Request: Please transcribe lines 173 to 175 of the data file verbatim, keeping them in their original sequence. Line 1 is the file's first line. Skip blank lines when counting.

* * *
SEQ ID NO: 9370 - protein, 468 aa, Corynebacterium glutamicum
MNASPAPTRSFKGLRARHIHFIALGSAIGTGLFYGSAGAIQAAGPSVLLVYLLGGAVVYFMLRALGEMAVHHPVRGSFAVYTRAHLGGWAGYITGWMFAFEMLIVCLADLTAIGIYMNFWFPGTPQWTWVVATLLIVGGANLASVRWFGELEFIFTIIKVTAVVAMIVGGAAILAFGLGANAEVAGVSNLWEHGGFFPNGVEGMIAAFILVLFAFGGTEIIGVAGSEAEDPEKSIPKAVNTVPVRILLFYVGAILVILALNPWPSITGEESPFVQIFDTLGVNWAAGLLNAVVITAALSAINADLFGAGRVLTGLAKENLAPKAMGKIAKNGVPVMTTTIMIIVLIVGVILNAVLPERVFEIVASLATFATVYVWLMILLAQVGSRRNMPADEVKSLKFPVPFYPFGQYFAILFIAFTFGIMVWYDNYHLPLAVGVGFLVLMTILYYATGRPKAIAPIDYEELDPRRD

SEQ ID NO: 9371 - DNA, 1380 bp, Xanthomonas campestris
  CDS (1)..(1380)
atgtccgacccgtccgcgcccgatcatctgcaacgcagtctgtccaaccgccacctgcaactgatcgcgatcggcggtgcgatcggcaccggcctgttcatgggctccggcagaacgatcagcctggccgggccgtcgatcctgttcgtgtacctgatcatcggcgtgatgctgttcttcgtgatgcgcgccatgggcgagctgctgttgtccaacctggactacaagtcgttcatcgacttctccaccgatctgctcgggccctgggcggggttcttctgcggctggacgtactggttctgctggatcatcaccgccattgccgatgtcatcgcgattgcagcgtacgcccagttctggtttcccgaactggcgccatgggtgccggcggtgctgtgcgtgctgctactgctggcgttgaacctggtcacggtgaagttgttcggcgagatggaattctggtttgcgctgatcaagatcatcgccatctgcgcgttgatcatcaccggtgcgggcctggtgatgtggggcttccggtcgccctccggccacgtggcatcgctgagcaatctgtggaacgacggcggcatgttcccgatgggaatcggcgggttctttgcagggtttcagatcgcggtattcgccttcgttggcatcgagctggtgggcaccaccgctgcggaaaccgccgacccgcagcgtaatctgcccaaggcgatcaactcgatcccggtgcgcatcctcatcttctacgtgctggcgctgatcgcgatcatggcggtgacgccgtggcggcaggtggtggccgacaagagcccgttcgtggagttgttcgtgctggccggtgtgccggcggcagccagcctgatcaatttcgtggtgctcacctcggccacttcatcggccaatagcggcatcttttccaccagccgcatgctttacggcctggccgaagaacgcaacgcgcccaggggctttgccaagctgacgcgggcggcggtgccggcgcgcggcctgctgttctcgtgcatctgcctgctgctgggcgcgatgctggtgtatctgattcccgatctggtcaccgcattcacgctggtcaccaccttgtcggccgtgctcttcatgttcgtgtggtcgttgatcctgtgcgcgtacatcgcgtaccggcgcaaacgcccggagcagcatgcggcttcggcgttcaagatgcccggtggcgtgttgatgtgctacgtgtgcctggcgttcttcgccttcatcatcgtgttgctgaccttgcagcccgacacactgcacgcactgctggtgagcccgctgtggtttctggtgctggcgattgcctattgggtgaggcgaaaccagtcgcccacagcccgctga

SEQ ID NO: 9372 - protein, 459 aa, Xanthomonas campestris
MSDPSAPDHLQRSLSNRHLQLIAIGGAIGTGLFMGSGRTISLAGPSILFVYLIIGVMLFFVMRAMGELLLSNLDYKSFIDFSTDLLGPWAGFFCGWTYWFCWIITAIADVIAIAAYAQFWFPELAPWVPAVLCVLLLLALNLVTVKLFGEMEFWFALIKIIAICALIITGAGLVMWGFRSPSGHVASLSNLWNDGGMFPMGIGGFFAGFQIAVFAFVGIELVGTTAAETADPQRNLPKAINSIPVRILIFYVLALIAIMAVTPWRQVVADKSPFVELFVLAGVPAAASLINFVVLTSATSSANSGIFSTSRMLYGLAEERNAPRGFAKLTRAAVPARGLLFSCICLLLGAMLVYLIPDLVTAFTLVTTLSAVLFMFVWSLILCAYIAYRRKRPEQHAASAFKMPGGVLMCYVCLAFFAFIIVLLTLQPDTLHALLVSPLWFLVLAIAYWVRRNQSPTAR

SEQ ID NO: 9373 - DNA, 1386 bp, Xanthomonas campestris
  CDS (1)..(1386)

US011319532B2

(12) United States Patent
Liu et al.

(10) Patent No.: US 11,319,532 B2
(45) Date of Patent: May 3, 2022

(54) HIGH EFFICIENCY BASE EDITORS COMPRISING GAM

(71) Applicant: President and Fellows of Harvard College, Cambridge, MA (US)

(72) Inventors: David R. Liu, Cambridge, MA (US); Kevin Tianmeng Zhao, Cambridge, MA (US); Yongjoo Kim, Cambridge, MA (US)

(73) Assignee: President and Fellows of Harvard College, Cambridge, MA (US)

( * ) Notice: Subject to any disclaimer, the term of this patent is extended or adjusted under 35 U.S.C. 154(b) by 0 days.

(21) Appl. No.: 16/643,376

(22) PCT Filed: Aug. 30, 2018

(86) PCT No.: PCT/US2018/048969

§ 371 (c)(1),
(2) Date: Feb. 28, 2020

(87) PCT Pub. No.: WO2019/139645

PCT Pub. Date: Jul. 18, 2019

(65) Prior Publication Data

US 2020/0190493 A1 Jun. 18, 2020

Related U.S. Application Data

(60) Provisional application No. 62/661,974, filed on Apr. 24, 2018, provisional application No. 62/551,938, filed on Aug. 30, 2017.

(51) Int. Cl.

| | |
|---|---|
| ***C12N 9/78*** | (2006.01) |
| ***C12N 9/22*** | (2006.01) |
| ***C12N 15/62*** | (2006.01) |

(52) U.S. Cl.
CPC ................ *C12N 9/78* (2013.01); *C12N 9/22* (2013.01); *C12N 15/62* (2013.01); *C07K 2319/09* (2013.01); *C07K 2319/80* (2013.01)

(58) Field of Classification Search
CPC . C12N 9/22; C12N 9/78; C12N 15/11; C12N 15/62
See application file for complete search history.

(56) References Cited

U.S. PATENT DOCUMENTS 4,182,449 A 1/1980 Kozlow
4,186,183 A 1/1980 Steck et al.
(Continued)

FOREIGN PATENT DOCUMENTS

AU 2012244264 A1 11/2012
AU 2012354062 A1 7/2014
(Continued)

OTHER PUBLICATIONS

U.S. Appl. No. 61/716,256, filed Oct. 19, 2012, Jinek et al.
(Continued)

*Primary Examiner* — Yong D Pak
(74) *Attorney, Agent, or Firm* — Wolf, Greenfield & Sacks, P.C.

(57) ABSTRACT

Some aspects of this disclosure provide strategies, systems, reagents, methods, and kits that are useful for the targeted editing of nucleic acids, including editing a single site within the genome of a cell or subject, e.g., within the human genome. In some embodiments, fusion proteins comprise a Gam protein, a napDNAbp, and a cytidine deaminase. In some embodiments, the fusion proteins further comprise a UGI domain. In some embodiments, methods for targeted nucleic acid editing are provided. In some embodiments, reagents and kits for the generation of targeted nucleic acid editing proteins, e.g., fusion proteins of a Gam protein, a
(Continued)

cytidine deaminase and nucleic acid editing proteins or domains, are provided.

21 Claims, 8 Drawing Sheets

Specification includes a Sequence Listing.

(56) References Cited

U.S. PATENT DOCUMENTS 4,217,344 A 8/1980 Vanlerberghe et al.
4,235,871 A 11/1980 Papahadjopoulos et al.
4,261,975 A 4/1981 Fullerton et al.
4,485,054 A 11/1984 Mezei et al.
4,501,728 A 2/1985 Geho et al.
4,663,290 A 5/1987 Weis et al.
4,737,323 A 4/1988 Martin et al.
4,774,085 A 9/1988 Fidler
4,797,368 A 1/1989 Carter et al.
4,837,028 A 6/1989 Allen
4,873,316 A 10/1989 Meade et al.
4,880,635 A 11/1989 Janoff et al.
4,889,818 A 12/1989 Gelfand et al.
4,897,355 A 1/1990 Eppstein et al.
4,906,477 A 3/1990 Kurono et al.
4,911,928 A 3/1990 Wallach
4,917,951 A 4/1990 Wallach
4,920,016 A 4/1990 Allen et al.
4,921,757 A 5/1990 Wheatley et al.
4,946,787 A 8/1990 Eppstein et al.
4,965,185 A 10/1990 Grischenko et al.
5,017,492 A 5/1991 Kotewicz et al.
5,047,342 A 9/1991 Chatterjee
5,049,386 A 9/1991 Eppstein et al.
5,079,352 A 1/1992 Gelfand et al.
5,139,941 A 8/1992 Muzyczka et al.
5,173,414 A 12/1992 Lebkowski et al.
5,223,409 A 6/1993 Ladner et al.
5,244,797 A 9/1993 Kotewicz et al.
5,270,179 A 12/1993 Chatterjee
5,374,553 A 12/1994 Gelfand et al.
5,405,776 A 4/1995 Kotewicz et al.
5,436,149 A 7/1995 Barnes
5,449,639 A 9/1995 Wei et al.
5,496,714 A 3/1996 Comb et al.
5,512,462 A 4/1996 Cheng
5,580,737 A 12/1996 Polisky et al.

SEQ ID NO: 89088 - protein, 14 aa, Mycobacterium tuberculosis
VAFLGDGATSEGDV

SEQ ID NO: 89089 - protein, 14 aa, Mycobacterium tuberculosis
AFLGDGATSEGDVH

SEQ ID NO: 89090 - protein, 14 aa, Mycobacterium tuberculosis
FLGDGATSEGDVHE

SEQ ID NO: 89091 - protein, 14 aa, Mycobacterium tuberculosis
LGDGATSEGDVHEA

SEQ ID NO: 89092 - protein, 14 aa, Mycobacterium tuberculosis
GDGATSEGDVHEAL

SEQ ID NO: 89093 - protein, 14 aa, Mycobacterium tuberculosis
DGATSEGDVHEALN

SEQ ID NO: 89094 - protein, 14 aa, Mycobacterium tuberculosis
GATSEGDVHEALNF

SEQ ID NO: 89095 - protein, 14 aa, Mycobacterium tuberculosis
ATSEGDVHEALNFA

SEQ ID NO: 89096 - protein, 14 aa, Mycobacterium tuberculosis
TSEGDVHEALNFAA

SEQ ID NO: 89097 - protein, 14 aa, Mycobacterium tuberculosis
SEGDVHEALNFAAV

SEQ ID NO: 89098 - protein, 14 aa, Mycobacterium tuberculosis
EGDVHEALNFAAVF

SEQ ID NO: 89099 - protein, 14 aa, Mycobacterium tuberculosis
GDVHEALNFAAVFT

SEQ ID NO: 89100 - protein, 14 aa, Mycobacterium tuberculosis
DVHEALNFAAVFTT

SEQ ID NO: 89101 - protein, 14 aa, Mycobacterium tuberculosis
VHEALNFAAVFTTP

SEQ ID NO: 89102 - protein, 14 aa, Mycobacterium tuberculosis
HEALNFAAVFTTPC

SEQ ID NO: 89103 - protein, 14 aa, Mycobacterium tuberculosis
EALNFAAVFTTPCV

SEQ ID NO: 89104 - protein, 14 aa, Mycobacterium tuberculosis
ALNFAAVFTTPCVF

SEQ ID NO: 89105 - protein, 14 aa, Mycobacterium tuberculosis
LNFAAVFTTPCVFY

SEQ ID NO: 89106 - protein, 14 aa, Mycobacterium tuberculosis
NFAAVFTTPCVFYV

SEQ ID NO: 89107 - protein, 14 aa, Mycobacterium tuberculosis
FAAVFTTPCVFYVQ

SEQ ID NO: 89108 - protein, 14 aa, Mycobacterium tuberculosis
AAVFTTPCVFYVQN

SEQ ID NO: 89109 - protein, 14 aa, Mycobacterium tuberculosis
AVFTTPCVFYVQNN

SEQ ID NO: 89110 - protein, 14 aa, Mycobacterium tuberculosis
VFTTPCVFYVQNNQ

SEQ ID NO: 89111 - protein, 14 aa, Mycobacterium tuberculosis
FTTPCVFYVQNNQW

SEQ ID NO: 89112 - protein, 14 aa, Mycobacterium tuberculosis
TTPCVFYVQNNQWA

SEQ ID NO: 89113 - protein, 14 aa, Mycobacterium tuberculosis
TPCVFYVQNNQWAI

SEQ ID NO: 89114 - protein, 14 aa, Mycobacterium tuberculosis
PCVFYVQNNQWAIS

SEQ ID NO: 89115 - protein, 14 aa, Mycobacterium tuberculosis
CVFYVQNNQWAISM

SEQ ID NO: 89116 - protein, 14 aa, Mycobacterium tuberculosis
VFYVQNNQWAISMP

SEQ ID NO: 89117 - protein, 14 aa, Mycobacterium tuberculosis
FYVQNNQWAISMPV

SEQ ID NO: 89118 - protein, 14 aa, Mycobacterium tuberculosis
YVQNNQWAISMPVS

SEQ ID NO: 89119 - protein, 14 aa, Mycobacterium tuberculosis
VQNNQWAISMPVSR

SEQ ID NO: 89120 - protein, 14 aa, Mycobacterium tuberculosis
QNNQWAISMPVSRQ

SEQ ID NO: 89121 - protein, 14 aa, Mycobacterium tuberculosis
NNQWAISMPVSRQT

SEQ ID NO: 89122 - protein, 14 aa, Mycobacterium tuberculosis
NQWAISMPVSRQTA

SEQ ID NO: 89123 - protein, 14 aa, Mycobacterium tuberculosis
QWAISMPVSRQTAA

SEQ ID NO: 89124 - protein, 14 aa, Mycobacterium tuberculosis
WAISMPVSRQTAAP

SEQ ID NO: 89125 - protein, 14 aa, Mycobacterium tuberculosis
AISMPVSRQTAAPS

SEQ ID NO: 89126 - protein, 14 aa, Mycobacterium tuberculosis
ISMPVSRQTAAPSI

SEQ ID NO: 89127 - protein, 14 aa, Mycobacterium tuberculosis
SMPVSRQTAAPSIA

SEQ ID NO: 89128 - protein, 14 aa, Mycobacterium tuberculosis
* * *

SEQ ID NO: 89125 - protein, 14 aa, Mycobacterium tuberculosis
AISMPVSRQTAAPS

SEQ ID NO: 89126 - protein, 14 aa, Mycobacterium tuberculosis